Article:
“Bite-Size Bits of Local, National, and Global History”
“Bite-Size Bits of Local, National, and Global History”
Peach Bottom Township in York County, Pennsylvania — The American Northeast (Mid-Atlantic)

The World Famous Peach Bottom Slate

"Best Roofing Slate in the World"

The World Famous Peach Bottom Slate Marker image. Click for full size.
By Bill Pfingsten
1. The World Famous Peach Bottom Slate Marker
The famous Peach Bottom roofing slate was discovered about 1734, on the ridge where Delta, Cardiff and Whiteford are now located. The discovery was made by two Welsh pioneer farmers. William and James Rees. They proceeded to roof their buildings with these crude slates. This was the first use of native roofing slate in America. Some of the slates which they produced are shown here, still in perfect usable condition and over 260 years old.

The first actual quarry was opened about 1785. It was the first commercial slate quarry in the United States. It was not successful because of transportation problems (slate is very heavy and there were few roads at the time), and there was a lack of skilled slate workers.

The transportation problem was solved in 1840, with the opening of the Susquehanna and Tidewater Canal. It was built mainly to transport anthracite coal from the Pennsylvania coal fields to the Chesapeake Bay, and followed the Susquehanna River's West Bank. The completion of this project opened up many new markets for excellent roofing slate.

In 1845, the first of the Welsh "slaters" came to the area. They brought with them

Quarryman's house with slate roof image. Click for full size.
By Bill Pfingsten
2. Quarryman's house with slate roof
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the knowledge and skills to work the slate rock into a marketable roofing material.

New quarry operations were opened. Hundreds of workers, mostly from Wales, worked in as many as twenty quarries. The reputation of the slate began to spread. In 1851, Rowland Parry, of Peach Bottom, exhibited slate samples at the London Crystal Palace Exhibition. It won first prize as finest roofing slate then known.

Today, the reputation endures. As you drive down Main Street, in our community, you notice that many slate roofs remain. It is an enduring legacy of the "best roofing slate in the world".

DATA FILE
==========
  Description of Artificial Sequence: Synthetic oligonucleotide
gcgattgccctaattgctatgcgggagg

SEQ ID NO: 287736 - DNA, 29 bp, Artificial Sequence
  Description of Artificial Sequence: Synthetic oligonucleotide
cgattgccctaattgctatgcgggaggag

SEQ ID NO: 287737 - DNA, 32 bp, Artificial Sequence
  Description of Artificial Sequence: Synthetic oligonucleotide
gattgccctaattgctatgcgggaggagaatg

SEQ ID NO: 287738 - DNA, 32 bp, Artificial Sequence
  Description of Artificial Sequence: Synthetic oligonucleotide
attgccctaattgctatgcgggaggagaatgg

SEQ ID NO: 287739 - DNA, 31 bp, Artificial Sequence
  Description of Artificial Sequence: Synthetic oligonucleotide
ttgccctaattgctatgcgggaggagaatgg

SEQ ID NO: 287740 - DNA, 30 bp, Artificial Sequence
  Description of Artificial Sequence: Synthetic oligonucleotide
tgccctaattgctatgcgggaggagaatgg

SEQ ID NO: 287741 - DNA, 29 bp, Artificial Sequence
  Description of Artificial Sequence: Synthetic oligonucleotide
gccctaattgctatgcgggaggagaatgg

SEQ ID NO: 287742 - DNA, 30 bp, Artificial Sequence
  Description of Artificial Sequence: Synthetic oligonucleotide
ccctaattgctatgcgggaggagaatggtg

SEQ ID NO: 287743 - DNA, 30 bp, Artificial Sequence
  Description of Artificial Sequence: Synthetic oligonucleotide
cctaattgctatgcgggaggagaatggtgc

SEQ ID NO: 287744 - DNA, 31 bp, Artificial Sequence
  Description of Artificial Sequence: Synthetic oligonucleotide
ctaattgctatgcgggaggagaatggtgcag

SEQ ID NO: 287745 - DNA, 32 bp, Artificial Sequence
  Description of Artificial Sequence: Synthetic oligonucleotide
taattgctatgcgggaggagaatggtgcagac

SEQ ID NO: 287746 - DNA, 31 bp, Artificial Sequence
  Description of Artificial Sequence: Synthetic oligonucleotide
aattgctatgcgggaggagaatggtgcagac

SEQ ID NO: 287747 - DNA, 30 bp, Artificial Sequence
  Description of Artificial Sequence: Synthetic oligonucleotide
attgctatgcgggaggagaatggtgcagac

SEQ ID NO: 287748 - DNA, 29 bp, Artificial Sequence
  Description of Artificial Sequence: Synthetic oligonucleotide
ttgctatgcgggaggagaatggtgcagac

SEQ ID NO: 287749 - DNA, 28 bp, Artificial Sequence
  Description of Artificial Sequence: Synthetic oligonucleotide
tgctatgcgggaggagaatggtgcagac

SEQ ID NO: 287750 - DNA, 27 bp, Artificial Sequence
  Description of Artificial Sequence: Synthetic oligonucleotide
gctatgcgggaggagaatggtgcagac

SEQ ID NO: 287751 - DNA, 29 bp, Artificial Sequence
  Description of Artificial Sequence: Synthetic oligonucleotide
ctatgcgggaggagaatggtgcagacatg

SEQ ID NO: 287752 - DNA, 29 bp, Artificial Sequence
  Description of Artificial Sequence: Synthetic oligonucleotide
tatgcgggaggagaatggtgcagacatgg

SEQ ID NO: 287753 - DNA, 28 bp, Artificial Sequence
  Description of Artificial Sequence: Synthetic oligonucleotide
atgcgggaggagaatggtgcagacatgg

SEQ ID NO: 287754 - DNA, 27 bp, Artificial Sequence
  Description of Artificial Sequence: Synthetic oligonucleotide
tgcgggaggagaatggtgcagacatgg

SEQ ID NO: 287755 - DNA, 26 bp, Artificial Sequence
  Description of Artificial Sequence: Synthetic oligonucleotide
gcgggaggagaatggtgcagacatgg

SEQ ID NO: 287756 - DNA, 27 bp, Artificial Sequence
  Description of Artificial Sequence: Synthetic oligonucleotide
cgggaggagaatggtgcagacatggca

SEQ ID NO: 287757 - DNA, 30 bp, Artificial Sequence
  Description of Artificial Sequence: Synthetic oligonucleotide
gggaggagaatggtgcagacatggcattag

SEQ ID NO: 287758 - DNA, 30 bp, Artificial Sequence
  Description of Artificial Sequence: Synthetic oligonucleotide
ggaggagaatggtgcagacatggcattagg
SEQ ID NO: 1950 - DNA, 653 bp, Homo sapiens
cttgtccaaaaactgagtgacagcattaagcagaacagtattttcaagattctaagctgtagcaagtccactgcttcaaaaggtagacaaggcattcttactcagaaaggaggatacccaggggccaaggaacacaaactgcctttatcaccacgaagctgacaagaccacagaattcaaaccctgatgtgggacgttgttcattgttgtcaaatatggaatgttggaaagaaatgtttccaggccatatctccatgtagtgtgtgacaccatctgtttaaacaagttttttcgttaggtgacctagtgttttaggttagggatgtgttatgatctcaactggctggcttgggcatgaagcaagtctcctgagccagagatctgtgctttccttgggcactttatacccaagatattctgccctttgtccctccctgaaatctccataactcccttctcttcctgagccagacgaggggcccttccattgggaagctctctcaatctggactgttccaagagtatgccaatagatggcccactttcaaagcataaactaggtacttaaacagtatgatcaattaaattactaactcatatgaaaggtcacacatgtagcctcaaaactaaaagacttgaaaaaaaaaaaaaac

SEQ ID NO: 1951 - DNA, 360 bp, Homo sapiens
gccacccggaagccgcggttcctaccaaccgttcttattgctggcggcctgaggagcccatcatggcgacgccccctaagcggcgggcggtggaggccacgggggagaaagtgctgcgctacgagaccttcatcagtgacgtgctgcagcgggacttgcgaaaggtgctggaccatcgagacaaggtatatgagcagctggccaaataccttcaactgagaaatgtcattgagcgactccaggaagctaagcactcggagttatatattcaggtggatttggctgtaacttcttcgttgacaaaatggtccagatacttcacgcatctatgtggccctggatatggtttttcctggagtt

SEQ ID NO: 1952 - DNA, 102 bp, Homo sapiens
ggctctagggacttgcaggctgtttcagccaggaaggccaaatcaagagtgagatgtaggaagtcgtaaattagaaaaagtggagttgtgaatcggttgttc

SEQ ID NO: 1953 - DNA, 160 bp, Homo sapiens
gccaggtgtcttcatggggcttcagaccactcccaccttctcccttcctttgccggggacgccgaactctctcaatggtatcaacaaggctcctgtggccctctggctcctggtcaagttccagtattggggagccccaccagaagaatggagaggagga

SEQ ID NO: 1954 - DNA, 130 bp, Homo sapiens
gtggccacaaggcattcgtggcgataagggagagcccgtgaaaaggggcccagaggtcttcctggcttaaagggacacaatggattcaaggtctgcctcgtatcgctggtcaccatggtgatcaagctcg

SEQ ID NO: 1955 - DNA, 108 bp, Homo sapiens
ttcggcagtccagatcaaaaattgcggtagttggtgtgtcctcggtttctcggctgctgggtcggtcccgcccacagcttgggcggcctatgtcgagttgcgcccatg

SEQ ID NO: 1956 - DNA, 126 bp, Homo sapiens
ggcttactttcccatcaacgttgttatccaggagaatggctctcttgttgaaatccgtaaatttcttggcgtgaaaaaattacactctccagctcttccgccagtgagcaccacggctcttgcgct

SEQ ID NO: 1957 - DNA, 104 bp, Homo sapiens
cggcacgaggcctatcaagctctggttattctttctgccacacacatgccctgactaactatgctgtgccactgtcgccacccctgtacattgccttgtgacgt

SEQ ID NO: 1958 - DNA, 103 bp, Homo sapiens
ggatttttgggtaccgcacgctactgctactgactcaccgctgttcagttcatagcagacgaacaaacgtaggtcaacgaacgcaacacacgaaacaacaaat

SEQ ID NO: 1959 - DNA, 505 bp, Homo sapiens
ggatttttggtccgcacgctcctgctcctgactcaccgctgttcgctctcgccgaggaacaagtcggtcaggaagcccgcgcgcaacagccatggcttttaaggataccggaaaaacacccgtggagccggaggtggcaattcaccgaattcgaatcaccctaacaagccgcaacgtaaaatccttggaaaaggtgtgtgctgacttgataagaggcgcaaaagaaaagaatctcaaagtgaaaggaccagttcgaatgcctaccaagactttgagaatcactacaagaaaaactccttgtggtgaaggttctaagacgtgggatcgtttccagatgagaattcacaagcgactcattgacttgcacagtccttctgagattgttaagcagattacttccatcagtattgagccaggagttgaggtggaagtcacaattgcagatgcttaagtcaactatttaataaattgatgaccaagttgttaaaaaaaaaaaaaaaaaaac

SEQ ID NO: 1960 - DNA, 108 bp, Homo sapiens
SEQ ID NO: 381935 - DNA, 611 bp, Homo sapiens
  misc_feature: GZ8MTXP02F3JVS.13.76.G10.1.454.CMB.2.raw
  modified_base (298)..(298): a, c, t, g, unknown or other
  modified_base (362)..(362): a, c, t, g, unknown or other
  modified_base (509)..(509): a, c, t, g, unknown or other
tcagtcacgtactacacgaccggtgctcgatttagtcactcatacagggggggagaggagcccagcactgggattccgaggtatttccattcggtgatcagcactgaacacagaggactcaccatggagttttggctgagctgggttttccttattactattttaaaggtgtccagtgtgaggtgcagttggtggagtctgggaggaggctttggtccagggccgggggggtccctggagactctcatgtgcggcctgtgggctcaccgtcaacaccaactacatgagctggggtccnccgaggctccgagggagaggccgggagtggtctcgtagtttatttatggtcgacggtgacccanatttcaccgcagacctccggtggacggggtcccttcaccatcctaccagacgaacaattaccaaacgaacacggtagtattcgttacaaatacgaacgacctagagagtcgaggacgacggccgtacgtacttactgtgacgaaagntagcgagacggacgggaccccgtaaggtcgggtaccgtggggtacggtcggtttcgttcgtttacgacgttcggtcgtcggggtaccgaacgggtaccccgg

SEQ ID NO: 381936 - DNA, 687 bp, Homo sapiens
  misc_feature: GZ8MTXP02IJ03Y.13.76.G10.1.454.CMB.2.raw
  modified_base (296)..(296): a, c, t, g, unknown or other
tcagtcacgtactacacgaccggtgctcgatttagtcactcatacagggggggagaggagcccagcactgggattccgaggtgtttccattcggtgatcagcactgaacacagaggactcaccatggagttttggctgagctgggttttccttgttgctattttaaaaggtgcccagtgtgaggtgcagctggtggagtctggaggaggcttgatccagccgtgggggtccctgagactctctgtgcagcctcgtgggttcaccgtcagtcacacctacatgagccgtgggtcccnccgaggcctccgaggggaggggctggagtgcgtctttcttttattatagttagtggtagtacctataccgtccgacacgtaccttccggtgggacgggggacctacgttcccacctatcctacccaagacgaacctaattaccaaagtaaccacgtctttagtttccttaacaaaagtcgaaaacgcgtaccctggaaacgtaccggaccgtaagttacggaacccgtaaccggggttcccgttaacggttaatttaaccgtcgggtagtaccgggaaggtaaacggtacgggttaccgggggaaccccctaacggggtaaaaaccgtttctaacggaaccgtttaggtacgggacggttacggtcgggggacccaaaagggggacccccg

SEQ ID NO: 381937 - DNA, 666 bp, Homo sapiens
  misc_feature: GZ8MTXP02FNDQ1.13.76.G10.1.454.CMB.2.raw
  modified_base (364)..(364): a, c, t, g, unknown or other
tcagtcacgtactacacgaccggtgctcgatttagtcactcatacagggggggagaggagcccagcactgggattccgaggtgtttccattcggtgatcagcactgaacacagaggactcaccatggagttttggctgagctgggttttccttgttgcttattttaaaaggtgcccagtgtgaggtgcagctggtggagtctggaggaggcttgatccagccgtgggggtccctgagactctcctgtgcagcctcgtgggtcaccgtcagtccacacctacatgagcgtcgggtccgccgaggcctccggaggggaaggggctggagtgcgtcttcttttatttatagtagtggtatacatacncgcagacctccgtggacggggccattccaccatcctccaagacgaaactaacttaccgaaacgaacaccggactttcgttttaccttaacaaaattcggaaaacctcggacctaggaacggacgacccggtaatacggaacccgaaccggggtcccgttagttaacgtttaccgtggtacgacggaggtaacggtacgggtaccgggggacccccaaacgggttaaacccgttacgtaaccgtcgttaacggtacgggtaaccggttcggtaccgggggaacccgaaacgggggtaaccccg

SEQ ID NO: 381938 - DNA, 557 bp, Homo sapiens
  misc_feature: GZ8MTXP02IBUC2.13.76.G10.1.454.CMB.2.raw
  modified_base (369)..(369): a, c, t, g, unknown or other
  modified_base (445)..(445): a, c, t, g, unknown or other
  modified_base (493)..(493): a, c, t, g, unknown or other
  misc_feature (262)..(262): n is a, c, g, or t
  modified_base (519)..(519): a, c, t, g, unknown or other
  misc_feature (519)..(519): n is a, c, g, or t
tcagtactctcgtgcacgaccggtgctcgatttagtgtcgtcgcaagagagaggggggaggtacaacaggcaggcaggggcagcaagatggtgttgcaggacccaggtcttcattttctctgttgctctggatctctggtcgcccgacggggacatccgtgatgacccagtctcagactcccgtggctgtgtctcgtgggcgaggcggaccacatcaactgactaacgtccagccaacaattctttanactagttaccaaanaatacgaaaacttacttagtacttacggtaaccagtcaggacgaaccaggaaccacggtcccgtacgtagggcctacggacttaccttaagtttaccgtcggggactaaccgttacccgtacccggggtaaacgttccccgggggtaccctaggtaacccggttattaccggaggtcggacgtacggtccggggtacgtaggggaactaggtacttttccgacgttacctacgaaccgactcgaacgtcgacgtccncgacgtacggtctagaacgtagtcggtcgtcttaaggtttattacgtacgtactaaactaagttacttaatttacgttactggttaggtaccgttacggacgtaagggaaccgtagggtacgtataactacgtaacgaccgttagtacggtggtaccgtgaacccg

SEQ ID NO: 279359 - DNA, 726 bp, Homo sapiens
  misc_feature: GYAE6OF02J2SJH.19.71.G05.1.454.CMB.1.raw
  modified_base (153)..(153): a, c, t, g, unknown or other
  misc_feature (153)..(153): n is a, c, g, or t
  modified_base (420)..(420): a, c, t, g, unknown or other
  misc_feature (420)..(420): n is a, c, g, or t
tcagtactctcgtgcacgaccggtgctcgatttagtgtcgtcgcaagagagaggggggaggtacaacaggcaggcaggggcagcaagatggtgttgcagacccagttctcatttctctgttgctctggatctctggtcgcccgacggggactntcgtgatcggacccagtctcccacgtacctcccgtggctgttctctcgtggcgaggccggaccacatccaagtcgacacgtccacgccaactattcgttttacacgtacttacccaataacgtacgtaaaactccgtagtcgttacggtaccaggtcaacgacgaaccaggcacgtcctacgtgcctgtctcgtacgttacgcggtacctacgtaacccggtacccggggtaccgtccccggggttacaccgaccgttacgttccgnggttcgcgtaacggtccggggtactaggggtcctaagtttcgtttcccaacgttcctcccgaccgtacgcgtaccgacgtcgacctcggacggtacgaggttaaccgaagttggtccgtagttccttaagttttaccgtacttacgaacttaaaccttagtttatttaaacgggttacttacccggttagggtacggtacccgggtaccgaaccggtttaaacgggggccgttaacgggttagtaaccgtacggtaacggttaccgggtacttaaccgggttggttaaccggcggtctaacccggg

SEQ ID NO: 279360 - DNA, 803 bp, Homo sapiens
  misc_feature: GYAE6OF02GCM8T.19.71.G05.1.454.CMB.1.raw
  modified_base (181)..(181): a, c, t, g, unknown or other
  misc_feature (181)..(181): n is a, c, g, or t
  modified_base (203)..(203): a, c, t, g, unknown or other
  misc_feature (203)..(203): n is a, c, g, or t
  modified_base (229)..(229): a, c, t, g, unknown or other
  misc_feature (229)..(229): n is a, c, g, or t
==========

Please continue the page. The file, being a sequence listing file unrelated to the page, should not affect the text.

The Old Line Museum

[caption, but only space occurs where a picture should be:]
Original Peach Bottom slates
Topics and series. This historical marker is listed in these topic lists: Colonial EraIndustry & Commerce. In addition, it is included in the Susquehanna and Tidewater Canal series list. A significant historical year for this entry is 1734.
Location. 39° 43.487′ N, 76° 18.479′ W. Marker is in Peach Bottom Township, Pennsylvania, in York County. Marker can be reached from Green Road 0.1 miles east of Ridge Road, on the right when traveling south. Touch for map. Marker is at or near this postal address: 28 Green Road, Delta PA 17314, United States of America. Touch for directions.
Other nearby markers. At least 8 other markers are within 6 miles of this marker, measured as the crow flies. The Welsh Immigrants (here, next to this marker); The Slate Splitters (here, next

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to this marker); Welsh Slate Quarrymens' Cottages at Coulsontown (here, next to this marker); Dedicated to the honor and sacrifice (approx. one mile away); Mason-Dixon Line (approx. 1.9 miles away); Peach Bottom Slate Region (approx. 2.2 miles away in Maryland); The Canal Community (approx. 5.2 miles away); The Canal Boats (approx. 5.2 miles away). Touch for a list and map of all markers in Peach Bottom Township.
More about this marker. On reverse side, left to right:
"The Welsh Immigrants" plaque,
"Welsh Slate Quarrymens' Cottages at Coulsontown" plaque,
"The Slate Splitters" plaque.
Credits. This page was last revised on April 20, 2021. It was originally submitted on June 26, 2020, by Bill Pfingsten of Bel Air, Maryland. This page has been viewed 98 times since then and 23 times this year. Last updated on April 15, 2021, by Carl Gordon Moore Jr. of North East, Maryland. Photos:   1, 2. submitted on June 26, 2020, by Bill Pfingsten of Bel Air, Maryland.

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May. 15, 2021